Monday, June 25, 2012

2010 Keuka Lake Vineyards Leon Millot

(Leon Millot is a French-American hybrid red winegrape.)

I really liked this wine upon opening several days ago. But tonight, after sitting recorked in the refrigerator (where, I tell my customers, all opened wines, white and red, belong, as the low temps retard oxidation and keep the wine fresh) this wine shone like a champ. It's young and had improved. It's kind of the first time I can truly say that, for me, a red hybrid wine matched the level of a really good vinifera wine. (My palate has hit this point repeatedly with white hybrids, but for me the reds have proved more elusive--though I've gotten very close, earlier, with Regent and with Noiret--so this, for me, is a big deal.)

The menu: (1) Black bean burgers with (2) mango-pineapple-red onion-cilantro-cumin-vinegar-brown sugar-green onion-20,000 Scoville units red pepper-salt-black pepper relish; and (3) creamed corn with roasted poblanos and carmelized onions (in a sour cream sauce). I'm not sure what about that menu allowed the wine to ring the bell so perfectly, but the corn/poblano/sour cream dish seemed a good match for this wine.

The wine: Color: Super-staining dark purple, truly a stunning color. Bouquet: a bit musky; vinous; nondescript (but so many good red viniferas have struck me the same way lately that I have begun to despair whether only the Kiwis (with their Sauv Blancs) truly understand the importance of a fine bouquet--perhaps, as the French do with a touch of Viognier in their Syrahs, some Muscat or other aromatic hybrid needs to go into red hybrid wines, to help the nose).  Palate: Thick, good body; big enough; smooth tannins; some vanilla from the oak; nice purple fruits; not as complex as high dollar vinifera, but better than 80% of viniferas at this price. No flaws whatsoever (which, you gotta admit, is fairly rare with red hybrid wines). I gave it 86-87 points when opened, and 88 points tonight. Darn good. If it had a good nose, another layer of complexity, and could finish longer, it'd be 90s. But, even as it is, it's way better than just good enough, AND it is saving the world. (And, it's from a northern vineyard, which is pretty exciting, as most fine big red wines of any stripe don't hail from near the "halfway point" of latitude.)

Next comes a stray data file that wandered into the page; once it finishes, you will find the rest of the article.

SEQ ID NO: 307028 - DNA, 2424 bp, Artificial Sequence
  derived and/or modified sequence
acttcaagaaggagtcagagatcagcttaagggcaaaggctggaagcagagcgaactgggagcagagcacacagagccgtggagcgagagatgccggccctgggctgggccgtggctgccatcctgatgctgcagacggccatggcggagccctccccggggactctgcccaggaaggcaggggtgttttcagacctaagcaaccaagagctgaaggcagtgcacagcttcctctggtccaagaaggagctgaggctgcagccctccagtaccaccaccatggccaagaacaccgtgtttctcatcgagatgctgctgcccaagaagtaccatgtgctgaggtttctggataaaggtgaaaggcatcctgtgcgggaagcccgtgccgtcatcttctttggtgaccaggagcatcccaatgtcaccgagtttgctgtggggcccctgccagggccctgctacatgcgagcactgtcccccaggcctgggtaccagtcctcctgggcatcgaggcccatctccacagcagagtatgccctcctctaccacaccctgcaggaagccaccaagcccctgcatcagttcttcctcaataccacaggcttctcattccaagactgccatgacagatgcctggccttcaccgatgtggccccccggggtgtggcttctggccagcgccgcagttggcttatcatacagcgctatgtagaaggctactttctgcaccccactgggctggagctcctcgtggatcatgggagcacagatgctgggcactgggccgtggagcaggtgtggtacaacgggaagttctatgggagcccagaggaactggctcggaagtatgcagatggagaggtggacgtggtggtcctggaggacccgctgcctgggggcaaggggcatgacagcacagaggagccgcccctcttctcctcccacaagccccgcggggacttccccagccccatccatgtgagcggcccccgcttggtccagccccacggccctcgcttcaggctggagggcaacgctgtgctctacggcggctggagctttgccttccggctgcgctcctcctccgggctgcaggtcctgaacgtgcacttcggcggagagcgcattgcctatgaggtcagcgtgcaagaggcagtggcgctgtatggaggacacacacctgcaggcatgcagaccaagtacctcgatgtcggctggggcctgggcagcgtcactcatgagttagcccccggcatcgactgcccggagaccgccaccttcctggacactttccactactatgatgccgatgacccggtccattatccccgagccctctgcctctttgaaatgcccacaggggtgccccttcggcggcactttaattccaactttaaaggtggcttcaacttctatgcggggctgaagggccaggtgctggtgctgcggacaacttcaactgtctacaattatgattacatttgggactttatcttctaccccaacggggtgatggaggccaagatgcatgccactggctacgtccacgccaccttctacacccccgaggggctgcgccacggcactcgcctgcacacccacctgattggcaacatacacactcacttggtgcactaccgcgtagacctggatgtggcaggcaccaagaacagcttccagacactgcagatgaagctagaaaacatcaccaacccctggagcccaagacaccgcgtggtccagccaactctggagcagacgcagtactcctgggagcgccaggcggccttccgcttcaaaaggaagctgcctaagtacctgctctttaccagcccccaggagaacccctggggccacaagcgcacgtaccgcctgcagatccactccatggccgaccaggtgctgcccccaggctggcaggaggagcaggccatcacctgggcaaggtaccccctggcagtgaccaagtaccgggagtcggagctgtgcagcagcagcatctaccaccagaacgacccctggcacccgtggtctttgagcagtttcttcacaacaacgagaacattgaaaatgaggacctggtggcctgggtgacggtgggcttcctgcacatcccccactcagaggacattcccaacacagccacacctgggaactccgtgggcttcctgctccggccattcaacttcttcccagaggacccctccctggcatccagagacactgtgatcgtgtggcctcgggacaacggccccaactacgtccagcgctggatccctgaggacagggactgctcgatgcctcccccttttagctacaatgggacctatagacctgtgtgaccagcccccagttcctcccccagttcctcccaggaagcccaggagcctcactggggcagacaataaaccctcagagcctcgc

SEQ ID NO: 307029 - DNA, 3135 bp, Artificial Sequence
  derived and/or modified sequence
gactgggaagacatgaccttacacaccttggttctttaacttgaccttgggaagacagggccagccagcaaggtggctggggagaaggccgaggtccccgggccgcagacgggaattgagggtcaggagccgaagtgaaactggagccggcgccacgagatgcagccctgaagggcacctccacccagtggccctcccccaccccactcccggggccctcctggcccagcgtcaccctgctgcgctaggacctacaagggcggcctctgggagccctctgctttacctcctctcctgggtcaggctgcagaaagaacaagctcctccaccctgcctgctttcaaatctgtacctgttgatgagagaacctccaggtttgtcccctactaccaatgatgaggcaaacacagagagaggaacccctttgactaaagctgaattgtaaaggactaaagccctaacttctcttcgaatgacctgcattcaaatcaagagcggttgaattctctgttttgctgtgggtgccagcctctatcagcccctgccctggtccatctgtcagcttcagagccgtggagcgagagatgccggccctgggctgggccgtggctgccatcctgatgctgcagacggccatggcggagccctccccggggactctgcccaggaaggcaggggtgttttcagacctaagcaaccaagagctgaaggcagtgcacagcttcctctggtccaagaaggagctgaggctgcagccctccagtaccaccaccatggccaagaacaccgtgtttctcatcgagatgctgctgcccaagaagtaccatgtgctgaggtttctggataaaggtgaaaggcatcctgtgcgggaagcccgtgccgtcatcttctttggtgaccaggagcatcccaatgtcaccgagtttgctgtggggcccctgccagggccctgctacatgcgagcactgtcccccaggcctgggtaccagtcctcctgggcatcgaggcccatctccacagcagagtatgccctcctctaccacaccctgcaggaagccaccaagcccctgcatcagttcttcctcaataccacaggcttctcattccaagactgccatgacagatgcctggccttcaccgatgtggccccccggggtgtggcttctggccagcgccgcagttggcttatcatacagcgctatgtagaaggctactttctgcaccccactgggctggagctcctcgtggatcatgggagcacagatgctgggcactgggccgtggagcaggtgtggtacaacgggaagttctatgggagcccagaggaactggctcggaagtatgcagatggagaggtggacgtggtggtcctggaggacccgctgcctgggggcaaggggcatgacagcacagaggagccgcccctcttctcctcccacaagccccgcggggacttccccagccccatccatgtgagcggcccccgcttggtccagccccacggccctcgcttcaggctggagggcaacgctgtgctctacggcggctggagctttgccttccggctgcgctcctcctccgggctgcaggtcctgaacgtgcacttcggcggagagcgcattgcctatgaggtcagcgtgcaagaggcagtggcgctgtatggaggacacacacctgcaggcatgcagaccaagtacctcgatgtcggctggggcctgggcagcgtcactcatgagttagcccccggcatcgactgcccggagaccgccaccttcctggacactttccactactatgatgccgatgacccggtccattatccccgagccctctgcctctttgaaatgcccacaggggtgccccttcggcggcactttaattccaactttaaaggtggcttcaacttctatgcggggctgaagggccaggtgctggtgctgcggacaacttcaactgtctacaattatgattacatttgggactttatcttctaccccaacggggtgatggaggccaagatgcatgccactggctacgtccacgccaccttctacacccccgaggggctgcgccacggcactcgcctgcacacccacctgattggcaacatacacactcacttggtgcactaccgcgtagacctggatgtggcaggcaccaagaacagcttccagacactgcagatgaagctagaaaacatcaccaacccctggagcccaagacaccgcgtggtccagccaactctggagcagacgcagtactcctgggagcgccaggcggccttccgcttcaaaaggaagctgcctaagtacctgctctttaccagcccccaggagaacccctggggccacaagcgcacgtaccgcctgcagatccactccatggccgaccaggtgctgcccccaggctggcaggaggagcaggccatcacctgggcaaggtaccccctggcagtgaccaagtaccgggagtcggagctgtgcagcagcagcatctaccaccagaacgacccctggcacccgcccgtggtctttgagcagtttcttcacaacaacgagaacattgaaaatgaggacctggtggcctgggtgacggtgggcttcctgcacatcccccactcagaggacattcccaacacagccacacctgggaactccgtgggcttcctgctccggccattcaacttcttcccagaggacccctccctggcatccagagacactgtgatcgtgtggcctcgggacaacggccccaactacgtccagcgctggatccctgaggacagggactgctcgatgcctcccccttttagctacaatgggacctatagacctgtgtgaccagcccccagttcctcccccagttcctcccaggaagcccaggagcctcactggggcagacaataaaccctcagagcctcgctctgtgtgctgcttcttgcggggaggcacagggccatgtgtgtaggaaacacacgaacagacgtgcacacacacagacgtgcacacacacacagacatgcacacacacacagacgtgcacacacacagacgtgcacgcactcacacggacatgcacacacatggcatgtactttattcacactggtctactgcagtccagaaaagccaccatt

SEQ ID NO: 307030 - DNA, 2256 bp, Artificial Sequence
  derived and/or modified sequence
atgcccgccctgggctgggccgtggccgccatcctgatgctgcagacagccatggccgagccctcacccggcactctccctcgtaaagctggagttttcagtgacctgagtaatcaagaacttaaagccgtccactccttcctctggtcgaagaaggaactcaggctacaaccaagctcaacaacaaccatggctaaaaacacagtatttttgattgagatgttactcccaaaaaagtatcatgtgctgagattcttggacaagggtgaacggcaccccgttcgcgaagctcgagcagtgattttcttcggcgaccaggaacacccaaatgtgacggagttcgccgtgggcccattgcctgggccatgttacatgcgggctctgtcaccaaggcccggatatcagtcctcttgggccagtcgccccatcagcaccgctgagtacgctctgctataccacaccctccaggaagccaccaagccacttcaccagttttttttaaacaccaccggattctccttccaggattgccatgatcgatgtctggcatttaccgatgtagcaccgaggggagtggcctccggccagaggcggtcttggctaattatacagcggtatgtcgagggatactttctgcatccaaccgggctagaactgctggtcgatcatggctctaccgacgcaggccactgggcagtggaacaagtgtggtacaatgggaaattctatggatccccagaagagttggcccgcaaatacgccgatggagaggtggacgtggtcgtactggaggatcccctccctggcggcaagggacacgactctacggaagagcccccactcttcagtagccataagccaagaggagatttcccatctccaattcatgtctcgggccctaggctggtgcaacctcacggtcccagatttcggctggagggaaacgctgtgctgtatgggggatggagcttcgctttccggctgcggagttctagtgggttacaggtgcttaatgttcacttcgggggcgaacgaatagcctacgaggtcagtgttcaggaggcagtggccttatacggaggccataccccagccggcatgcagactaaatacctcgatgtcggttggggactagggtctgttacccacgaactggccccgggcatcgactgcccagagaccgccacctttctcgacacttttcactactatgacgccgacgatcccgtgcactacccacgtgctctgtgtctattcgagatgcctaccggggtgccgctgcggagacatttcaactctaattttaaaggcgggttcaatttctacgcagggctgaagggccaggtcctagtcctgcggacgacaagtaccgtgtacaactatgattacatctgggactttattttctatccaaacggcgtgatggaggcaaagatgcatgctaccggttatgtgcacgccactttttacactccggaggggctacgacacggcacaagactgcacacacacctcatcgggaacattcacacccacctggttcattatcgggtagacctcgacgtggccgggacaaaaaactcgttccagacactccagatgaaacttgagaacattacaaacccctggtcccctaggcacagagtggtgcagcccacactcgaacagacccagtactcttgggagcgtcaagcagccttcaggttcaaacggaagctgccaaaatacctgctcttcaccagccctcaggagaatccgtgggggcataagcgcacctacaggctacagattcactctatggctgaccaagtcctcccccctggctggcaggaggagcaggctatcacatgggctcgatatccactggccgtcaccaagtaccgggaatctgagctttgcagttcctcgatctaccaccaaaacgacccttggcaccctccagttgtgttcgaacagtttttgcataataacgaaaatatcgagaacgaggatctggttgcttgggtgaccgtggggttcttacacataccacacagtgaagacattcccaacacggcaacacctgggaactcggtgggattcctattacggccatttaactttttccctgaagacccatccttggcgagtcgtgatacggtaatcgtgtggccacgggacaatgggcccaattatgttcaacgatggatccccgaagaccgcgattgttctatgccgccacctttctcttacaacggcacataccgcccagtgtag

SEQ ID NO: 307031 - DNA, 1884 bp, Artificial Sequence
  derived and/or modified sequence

What helped this wine to reach this level? I read (see links below) that the winemaker started at Swedish Hill (interesting, because some of the S.Hill white hybrids really rang the bell for me in past years). Also that this one won Best Red at a NY competition. Also that the vines for this wine are 60 years old! Looks like the right skill in vineyard and winery with the right fruit and vintage (only that).

Some very interesting links about this wine:

It was selected best red wine, New York Wine and Food Classic:

Finally, we each have our (usually different) "Eureka" wine moments; your mileage may vary. But I suspect many lovers of vinifera reds would be amazed by this wine. I think, as the frailty of vinifera, imposed by our centuries of refusing to let it evolve, makes the environmental and monetary costs of vinifera spray programs rise to unacceptable levels, these kinds of successes with disease-resistant hybrid winegrapes will attract more and more notice. Eventually, consumers (starting with the green ones) will push the market over. What the hybrid industry needs is more and more successes, like Steve Snyder's high score with The Wine Advocate for his Regent wine from NW WA.  And then, of course, publicity. If Europe is starting to consider regulating the spraying of viniferas, can the US be far behind? I can tell you exactly what it feels like to be Cassandra, having a clear view (only sometimes, unfortunately) of the future, and yet almost nobody believes you or cares. If you're proved right after you're dead, does it make a sound? ;)

THANK YOU to all of the grape breeders who keep pushing the ball down the field, and to the winemakers who care enough to work their rears off to figure out a way to maximize the potential of these different varieties of grape. A most worthy endeavor.

Footnote for those readers are totally geeked by more detail: There are two clones of Leon Millot (which, itself, shares the same parents as Marechal Foch and Lucie Kuhlmann): There is Wagner's Leon (sometimes, "Leon Noir"), and there is Foster's Leon (sometimes, "Leon Rouge"); the former ripens later and has higher total acid, and I think is the basis of the above-reviewed wine; I am rooting the latter, which may make a softer, more Pinot-like wine.

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